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|Risks associated with falling in old age.|
Many people have a friend or relative who has fallen. The person may have slipped while walking or felt dizzy when standing up from a chair and fallen. Maybe you've fallen yourself. If you or an older person you know has fallen, you're not alone. More than one in three people age 65 years or older falls each year. The risk of falling and fall-related problems rises with age. Fractures caused by falls can lead to hospital stays and disability. Most often, fall-related fractures are in the person's hip, pelvis, spine, arm, hand, or ankle.
Hip fractures are one of the most serious types of fall injury. They are a leading cause of injury and loss of independence, among older adults.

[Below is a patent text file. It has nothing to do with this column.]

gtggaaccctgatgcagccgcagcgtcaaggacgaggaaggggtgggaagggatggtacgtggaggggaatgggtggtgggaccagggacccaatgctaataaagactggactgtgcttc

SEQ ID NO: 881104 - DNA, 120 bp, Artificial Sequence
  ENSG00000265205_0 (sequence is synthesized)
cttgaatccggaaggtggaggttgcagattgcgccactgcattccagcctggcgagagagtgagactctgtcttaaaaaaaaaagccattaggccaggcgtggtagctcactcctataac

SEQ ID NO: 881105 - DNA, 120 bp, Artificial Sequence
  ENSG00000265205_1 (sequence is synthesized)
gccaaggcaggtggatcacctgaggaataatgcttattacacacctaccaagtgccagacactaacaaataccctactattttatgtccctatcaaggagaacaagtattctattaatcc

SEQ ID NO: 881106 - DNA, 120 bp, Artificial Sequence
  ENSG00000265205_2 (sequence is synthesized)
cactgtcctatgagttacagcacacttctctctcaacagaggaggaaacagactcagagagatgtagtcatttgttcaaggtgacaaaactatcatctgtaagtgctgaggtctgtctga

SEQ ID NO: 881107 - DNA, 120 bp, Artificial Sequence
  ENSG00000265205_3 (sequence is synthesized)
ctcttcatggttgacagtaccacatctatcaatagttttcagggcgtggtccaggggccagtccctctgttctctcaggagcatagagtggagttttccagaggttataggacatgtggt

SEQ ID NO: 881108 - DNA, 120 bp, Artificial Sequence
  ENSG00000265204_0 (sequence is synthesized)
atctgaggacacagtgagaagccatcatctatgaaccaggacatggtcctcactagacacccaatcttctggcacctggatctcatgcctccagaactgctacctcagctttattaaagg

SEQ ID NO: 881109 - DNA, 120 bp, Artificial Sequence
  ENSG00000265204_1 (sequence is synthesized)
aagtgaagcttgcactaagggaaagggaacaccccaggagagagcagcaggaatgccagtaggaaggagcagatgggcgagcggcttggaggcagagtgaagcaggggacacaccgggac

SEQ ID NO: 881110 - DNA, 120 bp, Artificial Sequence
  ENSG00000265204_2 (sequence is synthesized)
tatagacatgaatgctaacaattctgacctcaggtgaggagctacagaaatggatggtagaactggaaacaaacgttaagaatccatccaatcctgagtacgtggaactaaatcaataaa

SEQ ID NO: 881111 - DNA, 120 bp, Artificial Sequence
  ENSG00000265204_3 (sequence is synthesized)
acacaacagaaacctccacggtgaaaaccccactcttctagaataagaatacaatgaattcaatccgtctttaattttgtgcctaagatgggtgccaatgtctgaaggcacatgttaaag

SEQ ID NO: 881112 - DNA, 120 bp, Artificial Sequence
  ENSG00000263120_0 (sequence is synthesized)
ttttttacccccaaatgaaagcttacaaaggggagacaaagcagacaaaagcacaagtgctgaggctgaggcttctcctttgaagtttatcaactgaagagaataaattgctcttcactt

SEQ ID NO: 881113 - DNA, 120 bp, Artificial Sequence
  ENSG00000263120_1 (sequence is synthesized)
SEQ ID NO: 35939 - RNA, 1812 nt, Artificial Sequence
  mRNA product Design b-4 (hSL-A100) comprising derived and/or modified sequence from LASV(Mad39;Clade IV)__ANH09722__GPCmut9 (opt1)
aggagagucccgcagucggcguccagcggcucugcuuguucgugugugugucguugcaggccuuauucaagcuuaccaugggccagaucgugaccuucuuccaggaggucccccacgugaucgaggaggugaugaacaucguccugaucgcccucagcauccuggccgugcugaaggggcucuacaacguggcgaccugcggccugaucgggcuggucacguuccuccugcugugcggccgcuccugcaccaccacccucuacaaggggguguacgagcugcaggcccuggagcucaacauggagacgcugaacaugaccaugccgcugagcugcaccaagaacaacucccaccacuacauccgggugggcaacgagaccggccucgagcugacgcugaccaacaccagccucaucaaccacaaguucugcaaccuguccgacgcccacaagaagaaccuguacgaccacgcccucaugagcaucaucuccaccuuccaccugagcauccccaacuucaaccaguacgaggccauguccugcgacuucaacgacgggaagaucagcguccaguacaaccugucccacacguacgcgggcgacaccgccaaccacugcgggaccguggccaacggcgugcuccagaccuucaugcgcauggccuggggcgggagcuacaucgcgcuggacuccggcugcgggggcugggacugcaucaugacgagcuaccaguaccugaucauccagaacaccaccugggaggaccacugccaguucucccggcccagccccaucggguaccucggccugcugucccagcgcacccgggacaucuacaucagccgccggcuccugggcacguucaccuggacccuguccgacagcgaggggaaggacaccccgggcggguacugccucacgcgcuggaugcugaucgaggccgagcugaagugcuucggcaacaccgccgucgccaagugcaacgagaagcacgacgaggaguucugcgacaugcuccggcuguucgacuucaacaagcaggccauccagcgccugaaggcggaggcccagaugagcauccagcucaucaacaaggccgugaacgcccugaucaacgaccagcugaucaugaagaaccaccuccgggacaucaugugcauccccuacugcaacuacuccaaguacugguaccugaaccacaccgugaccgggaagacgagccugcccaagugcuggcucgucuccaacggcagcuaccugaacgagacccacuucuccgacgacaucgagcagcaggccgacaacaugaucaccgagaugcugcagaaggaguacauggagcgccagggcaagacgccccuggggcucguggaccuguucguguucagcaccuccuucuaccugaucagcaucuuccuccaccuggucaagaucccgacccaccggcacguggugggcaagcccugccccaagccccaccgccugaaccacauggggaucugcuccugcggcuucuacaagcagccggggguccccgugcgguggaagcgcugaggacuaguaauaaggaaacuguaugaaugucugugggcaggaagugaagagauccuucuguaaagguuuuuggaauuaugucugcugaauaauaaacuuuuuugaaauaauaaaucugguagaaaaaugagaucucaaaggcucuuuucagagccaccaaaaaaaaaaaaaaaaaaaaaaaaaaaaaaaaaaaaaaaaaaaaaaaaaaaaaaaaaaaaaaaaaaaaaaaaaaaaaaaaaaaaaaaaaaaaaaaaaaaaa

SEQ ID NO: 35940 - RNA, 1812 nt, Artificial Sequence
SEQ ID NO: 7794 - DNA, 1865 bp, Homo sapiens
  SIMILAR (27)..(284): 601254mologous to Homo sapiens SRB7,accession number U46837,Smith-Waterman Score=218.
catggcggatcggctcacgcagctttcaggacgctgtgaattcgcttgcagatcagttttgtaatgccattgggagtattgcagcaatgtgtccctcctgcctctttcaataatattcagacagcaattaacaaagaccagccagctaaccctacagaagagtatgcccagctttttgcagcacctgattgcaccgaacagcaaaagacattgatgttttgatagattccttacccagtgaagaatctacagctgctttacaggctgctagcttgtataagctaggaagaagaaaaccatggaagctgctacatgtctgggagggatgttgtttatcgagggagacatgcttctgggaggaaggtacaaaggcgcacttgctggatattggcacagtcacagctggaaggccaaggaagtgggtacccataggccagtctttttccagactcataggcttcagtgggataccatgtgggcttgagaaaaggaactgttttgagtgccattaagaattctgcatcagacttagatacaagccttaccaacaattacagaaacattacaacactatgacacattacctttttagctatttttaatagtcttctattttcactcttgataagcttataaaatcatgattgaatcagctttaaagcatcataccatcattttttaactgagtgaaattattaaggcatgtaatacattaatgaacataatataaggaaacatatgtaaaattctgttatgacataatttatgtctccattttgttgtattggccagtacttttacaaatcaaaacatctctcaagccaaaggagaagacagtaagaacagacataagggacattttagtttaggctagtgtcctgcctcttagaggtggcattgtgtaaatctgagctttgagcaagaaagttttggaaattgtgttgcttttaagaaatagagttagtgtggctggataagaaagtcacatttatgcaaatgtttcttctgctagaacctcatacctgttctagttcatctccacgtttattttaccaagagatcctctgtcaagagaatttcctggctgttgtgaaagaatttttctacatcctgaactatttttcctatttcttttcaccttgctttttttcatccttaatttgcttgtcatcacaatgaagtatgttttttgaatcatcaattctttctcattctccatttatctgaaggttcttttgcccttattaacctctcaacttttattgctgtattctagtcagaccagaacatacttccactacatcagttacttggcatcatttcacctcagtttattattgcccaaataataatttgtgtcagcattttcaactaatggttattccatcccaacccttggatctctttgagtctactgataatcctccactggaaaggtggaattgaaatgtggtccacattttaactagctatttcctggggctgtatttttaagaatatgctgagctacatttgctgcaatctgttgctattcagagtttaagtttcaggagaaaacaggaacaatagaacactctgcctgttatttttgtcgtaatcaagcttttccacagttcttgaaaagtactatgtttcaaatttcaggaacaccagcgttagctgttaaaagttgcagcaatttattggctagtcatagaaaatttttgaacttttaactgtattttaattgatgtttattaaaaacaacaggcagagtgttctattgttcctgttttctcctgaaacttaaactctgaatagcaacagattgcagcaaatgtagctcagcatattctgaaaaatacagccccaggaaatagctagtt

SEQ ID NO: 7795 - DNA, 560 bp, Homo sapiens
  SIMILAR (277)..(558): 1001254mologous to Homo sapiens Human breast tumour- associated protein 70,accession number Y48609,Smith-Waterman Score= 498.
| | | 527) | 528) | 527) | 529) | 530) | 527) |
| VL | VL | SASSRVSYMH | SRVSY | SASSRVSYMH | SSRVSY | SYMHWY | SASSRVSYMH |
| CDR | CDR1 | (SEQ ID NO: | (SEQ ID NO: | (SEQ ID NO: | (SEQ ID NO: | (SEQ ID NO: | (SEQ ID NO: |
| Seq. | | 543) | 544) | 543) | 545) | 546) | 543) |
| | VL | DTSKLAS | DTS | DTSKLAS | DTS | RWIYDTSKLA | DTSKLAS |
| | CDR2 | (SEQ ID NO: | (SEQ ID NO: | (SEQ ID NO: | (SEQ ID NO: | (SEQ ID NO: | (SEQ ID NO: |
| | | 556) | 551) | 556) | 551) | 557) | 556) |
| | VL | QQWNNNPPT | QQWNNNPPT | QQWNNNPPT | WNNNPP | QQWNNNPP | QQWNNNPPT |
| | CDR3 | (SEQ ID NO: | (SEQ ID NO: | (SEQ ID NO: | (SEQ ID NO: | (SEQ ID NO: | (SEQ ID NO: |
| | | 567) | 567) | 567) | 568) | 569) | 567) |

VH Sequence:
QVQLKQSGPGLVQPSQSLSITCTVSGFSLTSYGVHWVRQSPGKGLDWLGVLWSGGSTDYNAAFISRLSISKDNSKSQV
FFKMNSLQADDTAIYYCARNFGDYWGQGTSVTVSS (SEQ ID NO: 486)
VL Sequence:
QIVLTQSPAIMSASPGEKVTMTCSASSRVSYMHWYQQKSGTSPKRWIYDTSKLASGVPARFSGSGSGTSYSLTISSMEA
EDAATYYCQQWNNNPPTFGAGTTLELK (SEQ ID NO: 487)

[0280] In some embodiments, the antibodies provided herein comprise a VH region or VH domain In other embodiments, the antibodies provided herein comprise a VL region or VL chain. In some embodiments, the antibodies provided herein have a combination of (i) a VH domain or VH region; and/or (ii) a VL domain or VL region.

Most healthy, independent older adults who are hospitalized for a broken hip are able to return home or live on their own after treatment and rehabilitation. Most of those who cannot return to independent living after such injuries had physical or mental disabilities before the fracture. Many of them will need long-term care.
If you're worried about falling, talk with your doctor or another health care provider. Your doctor may refer you to a physical therapist. Physical therapy can help you improve your balance and walking and help build your walking confidence. Getting rid of your fear of falling can help you to stay active, maintain your physical health, and prevent future falls